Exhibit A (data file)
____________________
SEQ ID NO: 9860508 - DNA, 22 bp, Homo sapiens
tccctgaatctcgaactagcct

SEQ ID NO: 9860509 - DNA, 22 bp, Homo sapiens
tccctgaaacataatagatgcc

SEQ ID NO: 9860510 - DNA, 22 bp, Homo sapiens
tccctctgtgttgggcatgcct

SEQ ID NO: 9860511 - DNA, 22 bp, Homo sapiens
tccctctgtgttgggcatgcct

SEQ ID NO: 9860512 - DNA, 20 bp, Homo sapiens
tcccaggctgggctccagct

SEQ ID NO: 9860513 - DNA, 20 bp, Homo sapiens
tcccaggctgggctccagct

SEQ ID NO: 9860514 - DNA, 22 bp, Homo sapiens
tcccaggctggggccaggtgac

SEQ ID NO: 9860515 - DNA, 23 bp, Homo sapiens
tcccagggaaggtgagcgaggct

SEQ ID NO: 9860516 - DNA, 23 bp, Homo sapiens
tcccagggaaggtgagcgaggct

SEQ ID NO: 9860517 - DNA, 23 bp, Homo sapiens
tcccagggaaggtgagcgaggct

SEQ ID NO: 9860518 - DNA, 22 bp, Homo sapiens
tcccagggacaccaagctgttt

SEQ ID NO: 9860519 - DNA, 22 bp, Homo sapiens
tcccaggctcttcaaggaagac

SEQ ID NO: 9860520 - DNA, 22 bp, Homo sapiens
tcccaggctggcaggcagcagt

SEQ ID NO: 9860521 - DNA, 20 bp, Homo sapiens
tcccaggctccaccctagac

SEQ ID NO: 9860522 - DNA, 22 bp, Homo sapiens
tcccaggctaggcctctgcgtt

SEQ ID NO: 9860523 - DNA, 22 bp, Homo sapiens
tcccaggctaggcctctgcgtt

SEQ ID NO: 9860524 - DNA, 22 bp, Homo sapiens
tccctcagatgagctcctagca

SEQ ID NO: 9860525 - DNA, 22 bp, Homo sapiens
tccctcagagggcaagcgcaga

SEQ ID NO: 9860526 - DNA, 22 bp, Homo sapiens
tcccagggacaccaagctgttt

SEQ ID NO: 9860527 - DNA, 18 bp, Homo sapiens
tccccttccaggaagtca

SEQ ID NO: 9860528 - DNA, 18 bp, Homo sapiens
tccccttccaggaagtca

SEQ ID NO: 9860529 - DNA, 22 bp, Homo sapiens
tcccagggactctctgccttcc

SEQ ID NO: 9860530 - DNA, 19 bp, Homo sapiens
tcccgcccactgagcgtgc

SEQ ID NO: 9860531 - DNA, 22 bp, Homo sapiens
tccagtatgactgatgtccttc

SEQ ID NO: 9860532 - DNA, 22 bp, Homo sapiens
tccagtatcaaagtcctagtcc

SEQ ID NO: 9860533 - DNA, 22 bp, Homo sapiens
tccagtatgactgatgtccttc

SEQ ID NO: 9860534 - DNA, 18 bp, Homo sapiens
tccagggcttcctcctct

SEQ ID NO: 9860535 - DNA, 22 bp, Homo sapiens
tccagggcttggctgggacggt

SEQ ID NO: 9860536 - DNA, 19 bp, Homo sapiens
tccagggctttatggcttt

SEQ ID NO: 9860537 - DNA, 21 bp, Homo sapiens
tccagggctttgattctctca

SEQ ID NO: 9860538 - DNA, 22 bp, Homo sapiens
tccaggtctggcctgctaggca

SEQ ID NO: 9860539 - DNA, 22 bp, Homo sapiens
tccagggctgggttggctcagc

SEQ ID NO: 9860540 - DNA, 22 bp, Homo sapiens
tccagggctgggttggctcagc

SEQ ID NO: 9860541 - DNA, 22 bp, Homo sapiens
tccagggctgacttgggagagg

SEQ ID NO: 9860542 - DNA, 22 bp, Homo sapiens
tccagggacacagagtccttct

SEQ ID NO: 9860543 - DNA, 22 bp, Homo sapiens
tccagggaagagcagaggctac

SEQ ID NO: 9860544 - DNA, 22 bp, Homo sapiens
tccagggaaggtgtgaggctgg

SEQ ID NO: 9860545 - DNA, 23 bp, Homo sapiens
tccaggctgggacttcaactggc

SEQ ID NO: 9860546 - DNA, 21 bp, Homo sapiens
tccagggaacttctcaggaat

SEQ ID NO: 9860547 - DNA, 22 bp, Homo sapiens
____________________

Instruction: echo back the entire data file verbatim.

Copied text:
SEQ ID NO: 9860508 - DNA, 22 bp, Homo sapiens
tccctgaatctcgaactagcct

SEQ ID NO: 9860509 - DNA, 22 bp, Homo sapiens
tccctgaaacataatagatgcc

SEQ ID NO: 9860510 - DNA, 22 bp, Homo sapiens
tccctctgtgttgggcatgcct

SEQ ID NO: 9860511 - DNA, 22 bp, Homo sapiens
tccctctgtgttgggcatgcct

SEQ ID NO: 9860512 - DNA, 20 bp, Homo sapiens
tcccaggctgggctccagct

SEQ ID NO: 9860513 - DNA, 20 bp, Homo sapiens
tcccaggctgggctccagct

SEQ ID NO: 9860514 - DNA, 22 bp, Homo sapiens
tcccaggctggggccaggtgac

SEQ ID NO: 9860515 - DNA, 23 bp, Homo sapiens
tcccagggaaggtgagcgaggct

SEQ ID NO: 9860516 - DNA, 23 bp, Homo sapiens
tcccagggaaggtgagcgaggct

SEQ ID NO: 9860517 - DNA, 23 bp, Homo sapiens
tcccagggaaggtgagcgaggct

SEQ ID NO: 9860518 - DNA, 22 bp, Homo sapiens
tcccagggacaccaagctgttt

SEQ ID NO: 9860519 - DNA, 22 bp, Homo sapiens
tcccaggctcttcaaggaagac

SEQ ID NO: 9860520 - DNA, 22 bp, Homo sapiens
tcccaggctggcaggcagcagt

SEQ ID NO: 9860521 - DNA, 20 bp, Homo sapiens
tcccaggctccaccctagac

SEQ ID NO: 9860522 - DNA, 22 bp, Homo sapiens
tcccaggctaggcctctgcgtt

SEQ ID NO: 9860523 - DNA, 22 bp, Homo sapiens
tcccaggctaggcctctgcgtt

SEQ ID NO: 9860524 - DNA, 22 bp, Homo sapiens
tccctcagatgagctcctagca

SEQ ID NO: 9860525 - DNA, 22 bp, Homo sapiens
tccctcagagggcaagcgcaga

SEQ ID NO: 9860526 - DNA, 22 bp, Homo sapiens
tcccagggacaccaagctgttt

SEQ ID NO: 9860527 - DNA, 18 bp, Homo sapiens
tccccttccaggaagtca

SEQ ID NO: 9860528 - DNA, 18 bp, Homo sapiens
tccccttccaggaagtca

SEQ ID NO: 9860529 - DNA, 22 bp, Homo sapiens
tcccagggactctctgccttcc

SEQ ID NO: 9860530 - DNA, 19 bp, Homo sapiens
tcccgcccactgagcgtgc

SEQ ID NO: 9860531 - DNA, 22 bp, Homo sapiens
tccagtatgactgatgtccttc

SEQ ID NO: 9860532 - DNA, 22 bp, Homo sapiens
tccagtatcaaagtcctagtcc

SEQ ID NO: 9860533 - DNA, 22 bp, Homo sapiens
tccagtatgactgatgtccttc

SEQ ID NO: 9860534 - DNA, 18 bp, Homo sapiens
tccagggcttcctcctct

SEQ ID NO: 9860535 - DNA, 22 bp, Homo sapiens
tccagggcttggctgggacggt

SEQ ID NO: 9860536 - DNA, 19 bp, Homo sapiens
tccagggctttatggcttt

SEQ ID NO: 9860537 - DNA, 21 bp, Homo sapiens
tccagggctttgattctctca

SEQ ID NO: 9860538 - DNA, 22 bp, Homo sapiens
tccaggtctggcctgctaggca

SEQ ID NO: 9860539 - DNA, 22 bp, Homo sapiens
tccagggctgggttggctcagc

SEQ ID NO: 9860540 - DNA, 22 bp, Homo sapiens
tccagggctgggttggctcagc

SEQ ID NO: 9860541 - DNA, 22 bp, Homo sapiens
tccagggctgacttgggagagg

SEQ ID NO: 9860542 - DNA, 22 bp, Homo sapiens
tccagggacacagagtccttct

SEQ ID NO: 9860543 - DNA, 22 bp, Homo sapiens
tccagggaagagcagaggctac

SEQ ID NO: 9860544 - DNA, 22 bp, Homo sapiens
tccagggaaggtgtgaggctgg

SEQ ID NO: 9860545 - DNA, 23 bp, Homo sapiens
tccaggctgggacttcaactggc

SEQ ID NO: 9860546 - DNA, 21 bp, Homo sapiens
tccagggaacttctcaggaat

SEQ ID NO: 9860547 - DNA, 22 bp, Homo sapiens